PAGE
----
The Craig Lucas Collection: A Unique Window into the Playwright's Mind
Theatre companies consider themselves lucky if a play being produced is by a playwright who is alive, accessible, and encouraging. The Huntington Theatre Company is especially fortunate for, in addition to Artistic Director Peter DuBois’ ongoing collaborative relationship with Prelude to a Kiss playwright Craig Lucas, members of the Artistic Department can explore the Craig Lucas Collection at Boston University’s Howard Gotlieb Archival Research Center.
The center, founded as Special Collections in 1963 by Dr. Howard Gotlieb and renamed in his honor in 2003, has held the Lucas Collection for nearly ten years. The center defines its mission as being:
to capture and document history by collecting the manuscripts from individuals who play a significant part in the fields of journalism, poetry, literature and criticism, dance, music, theatre, film, television, and political and religious movements . . . and strive to preserve the documents and make them readily available to researchers while administering all legal copyrights and restrictions.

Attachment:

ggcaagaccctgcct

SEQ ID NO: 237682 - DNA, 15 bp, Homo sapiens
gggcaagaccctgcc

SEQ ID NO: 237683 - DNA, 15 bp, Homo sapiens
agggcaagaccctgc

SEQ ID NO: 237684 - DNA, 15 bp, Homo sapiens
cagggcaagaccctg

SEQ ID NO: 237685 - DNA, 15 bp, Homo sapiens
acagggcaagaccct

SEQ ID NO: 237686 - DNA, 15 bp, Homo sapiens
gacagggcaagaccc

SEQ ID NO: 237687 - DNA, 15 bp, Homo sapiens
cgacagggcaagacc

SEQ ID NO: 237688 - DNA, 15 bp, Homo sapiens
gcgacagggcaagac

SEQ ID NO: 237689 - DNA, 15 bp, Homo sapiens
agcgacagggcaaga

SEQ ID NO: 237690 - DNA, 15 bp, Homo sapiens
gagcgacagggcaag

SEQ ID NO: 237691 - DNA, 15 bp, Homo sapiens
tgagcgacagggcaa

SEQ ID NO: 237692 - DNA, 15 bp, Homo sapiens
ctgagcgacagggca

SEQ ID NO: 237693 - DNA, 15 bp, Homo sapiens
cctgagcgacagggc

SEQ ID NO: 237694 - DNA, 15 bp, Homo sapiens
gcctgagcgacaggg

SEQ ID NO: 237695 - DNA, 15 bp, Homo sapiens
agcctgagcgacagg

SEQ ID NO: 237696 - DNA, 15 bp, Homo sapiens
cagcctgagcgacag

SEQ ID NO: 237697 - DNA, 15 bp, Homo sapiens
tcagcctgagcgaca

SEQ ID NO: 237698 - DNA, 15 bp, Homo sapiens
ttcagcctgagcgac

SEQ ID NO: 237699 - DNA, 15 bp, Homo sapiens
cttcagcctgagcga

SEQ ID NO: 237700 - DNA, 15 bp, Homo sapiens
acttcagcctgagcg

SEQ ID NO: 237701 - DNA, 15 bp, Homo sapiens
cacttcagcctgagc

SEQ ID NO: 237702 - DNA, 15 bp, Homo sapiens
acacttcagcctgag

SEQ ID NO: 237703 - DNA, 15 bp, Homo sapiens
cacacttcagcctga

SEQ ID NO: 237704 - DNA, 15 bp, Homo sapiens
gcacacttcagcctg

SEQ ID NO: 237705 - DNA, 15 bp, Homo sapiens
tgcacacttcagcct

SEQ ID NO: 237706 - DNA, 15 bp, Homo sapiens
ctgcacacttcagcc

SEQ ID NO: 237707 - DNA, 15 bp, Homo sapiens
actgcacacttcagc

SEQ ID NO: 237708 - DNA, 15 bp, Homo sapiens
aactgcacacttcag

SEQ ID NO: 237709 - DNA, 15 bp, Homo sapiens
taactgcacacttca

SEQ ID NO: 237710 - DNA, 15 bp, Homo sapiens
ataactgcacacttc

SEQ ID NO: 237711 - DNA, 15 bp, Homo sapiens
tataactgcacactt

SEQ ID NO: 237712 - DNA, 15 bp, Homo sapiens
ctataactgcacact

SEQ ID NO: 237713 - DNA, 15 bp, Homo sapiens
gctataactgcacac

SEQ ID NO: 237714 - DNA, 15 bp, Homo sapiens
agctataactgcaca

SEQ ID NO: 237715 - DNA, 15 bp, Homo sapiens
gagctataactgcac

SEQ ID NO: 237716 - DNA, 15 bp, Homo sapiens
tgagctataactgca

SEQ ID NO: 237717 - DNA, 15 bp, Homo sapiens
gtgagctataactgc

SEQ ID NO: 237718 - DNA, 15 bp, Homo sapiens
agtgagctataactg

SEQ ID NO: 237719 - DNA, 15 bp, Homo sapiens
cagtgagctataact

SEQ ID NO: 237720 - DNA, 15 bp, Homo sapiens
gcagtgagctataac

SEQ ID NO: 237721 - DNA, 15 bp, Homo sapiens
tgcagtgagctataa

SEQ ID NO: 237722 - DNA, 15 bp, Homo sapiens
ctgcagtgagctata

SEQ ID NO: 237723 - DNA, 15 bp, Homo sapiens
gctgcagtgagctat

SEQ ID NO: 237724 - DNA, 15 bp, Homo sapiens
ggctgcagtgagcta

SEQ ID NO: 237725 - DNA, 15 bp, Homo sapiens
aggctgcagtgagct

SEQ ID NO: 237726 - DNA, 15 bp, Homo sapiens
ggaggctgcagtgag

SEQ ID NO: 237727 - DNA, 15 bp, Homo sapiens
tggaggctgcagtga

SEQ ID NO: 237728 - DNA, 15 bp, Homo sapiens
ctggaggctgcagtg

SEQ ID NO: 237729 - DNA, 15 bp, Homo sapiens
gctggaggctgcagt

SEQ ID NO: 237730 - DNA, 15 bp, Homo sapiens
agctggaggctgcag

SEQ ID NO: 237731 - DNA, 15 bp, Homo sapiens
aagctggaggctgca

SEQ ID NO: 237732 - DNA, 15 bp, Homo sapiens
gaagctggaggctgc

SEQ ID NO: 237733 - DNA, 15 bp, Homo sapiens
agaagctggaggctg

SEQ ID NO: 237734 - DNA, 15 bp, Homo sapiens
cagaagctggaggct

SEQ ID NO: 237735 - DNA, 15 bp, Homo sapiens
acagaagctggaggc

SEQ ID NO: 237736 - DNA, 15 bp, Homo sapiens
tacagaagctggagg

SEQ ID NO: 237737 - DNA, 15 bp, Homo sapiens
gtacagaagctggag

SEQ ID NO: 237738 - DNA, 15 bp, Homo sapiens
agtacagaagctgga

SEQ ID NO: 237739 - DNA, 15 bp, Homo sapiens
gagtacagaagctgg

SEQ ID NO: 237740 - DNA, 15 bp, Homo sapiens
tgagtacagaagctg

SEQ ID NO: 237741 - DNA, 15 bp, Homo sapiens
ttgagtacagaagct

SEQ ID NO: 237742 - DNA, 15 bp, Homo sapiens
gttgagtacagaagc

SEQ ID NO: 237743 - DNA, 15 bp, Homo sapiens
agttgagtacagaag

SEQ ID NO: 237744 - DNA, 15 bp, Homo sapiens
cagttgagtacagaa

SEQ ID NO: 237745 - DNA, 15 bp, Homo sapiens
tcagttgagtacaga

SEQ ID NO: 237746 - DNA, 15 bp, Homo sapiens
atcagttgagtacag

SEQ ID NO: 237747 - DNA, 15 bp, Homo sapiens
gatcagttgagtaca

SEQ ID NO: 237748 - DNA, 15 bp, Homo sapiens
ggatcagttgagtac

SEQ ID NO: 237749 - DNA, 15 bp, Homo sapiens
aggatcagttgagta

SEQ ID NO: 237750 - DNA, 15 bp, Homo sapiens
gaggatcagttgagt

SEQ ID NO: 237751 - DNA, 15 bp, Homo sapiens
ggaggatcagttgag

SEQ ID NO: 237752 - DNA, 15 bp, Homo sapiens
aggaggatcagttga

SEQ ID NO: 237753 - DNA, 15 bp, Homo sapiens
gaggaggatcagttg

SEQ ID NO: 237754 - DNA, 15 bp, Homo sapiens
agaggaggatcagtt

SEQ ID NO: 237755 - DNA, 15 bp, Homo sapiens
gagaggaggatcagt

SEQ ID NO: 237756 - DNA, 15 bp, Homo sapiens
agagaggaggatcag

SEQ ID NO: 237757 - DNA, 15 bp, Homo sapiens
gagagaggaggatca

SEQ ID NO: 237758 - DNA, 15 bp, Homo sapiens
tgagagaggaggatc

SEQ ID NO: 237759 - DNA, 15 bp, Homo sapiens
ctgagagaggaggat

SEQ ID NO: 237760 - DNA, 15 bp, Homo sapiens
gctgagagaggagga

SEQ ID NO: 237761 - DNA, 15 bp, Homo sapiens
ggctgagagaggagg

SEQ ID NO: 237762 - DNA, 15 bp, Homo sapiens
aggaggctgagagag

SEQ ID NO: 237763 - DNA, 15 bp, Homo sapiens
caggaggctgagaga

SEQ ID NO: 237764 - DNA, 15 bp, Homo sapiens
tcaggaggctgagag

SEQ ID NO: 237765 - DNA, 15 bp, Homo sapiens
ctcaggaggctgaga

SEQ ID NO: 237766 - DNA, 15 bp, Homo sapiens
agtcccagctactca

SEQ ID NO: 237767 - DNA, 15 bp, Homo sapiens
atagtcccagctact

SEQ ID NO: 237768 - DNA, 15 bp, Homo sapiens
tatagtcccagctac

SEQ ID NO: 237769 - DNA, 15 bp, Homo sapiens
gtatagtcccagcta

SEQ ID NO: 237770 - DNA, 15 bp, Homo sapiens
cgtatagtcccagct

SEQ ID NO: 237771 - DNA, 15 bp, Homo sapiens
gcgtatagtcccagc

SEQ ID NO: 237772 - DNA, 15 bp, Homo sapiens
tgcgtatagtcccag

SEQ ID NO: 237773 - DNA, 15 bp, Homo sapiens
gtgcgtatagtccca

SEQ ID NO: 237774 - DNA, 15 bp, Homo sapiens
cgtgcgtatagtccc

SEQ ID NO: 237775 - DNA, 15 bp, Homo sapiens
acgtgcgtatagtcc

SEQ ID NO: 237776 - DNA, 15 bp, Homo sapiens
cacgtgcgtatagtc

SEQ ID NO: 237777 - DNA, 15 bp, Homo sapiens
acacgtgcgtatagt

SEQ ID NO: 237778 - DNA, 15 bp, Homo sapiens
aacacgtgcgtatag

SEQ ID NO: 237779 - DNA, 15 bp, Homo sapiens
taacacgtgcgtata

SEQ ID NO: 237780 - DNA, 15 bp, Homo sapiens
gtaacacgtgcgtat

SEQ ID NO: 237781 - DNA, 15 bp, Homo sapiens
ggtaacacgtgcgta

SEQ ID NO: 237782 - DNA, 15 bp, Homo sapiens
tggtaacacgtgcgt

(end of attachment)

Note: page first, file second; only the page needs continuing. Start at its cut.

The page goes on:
Seeing the noteworthy role Lucas was playing in the American theatre scene, Dr. Gotlieb approached him about creating an archive at his alma mater.
The center’s 2,000+ collections are divided into five categories: contemporary collections, historical collections, history of nursing archives, Boston University archives, and the rare book collection. Part of the contemporary collections, the Lucas Collection consists of forty-three boxes of materials that range from the professional (manuscripts — including over ten drafts of Prelude To A Kiss, contracts, reviews, and interviews) to the personal (journals, correspondence, finances, and even childhood artwork), offering researchers and scholars an insightful and personal look into Lucas’ life and work. Lucas’ archive continues to grow as he works on new projects and generates new material.
Though the Huntington’s production of Prelude will close in June, the Howard Gotlieb Archival Research Center at Boston University will continue to preserve this master playwright’s life and work for artists and audiences yet to come.
— Anne G. Morgan